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Original Article


Latex Allergy in Primary Care Providers


MJ Galindo1, S Quirce2, L García Olmos3

1Ramón y Cajal Primary Care Health Center, Area 8, Servicio Madrileño de Salud, Madrid, Spain
2Allergy Department, Hospital La Paz Health Research Institute (IdiPAZ), Madrid, Spain
3Teaching and Research Unit, Primary Care, Area 2, Madrid, Spain

J Investig Allergol Clin Immunol 2011; Vol. 21(6): 459-465



Background: Health care workers represent one of the major risk groups for developing latex allergy. Most studies have examined hospital workers. The aims of this study were to analyze the prevalence of latex allergy in primary care providers and to describe the characteristics of health care workers who are allergic to latex.

Material and methods: A self-administered questionnaire on work activity, history of symptoms, and allergic reactions to latex products was completed by a sample of primary care workers. Skin prick tests were performed with a commercial latex extract, and serum specific immunoglobulin (Ig) E to latex and its main allergens was determined.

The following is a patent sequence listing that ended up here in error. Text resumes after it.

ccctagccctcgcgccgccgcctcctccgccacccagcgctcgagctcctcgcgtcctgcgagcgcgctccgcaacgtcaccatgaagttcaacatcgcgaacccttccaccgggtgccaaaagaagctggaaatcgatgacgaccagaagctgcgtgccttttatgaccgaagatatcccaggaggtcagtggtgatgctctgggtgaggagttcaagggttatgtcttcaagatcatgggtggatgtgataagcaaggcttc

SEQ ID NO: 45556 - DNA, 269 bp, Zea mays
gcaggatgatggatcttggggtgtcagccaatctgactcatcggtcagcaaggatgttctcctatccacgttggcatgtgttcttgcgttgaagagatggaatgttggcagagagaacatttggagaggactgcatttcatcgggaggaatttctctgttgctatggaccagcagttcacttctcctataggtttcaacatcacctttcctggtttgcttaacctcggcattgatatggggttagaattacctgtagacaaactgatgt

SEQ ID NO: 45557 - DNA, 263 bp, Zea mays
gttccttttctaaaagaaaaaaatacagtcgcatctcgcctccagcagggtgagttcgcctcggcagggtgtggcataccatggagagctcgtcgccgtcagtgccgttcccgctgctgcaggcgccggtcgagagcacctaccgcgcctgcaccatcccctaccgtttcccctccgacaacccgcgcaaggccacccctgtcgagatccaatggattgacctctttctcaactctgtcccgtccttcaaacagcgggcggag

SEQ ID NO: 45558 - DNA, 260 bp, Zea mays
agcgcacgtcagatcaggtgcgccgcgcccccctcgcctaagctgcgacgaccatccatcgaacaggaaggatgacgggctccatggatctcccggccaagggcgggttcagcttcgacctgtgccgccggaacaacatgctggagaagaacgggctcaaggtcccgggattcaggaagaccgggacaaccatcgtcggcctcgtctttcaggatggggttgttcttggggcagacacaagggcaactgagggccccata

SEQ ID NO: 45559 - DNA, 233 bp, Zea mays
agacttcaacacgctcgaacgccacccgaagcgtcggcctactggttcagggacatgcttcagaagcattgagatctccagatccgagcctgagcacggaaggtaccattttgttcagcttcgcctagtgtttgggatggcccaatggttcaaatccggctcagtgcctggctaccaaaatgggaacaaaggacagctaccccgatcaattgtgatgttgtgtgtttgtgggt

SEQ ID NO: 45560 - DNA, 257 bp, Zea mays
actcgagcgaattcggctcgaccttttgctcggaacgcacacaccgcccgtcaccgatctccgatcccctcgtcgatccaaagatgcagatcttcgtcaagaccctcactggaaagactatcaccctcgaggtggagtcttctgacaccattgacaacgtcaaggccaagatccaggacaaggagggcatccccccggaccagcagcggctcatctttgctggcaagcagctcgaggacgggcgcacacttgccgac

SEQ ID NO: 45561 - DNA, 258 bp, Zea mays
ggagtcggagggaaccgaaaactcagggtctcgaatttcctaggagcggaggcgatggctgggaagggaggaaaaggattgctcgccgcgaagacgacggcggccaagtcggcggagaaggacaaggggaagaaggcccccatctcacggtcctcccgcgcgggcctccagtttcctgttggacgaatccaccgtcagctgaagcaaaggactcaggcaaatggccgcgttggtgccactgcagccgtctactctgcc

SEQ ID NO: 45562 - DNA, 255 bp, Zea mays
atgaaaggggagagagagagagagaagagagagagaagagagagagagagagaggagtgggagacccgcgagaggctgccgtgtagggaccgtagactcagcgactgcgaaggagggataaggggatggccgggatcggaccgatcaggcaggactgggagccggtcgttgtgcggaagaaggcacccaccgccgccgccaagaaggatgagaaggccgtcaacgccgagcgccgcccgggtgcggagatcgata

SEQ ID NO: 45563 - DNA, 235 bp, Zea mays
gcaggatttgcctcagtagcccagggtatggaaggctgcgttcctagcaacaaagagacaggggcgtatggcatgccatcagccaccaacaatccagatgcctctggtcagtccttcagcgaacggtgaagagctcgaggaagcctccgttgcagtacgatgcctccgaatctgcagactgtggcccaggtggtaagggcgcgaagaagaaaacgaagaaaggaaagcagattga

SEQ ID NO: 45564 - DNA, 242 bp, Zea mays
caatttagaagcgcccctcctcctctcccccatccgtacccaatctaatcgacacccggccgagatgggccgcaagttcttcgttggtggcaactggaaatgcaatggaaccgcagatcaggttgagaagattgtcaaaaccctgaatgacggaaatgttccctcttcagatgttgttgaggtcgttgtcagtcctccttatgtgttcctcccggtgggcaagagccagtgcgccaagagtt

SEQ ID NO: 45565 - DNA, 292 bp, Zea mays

Results: Of the 620 workers contacted, 341 completed the questionnaire and 170 were tested with latex allergens. The prevalence of latex allergy was 5.9% (95% confidence interval 2.4%-9.4%). Most allergic workers with a previous diagnosis of latex allergy showed negative or lowered specific IgE levels and a reduced wheal size to latex in comparison with the previous tests. We found 3 cases with elevated latex-specific IgE due to cross-reactivity with pollen profilin, although the results were not clinically relevant. Allergy to latex was associated with the number of surgical interventions and with allergy to kiwi, banana, chestnuts, and avocado.

Conclusions: The prevalence of latex allergy in this study was 5.9%. The importance of a firm diagnosis at the onset of symptoms should be stressed, since reducing contact with latex can yield negative test results. Assessment of IgE reactivity to the individual latex allergens (component-resolved diagnosis) can detect sensitization to panallergens such as profilin and help to clarify the diagnosis.

Key words: Healthcare workers. Specific IgE. Latex allergy. Prevalence. Skin tests.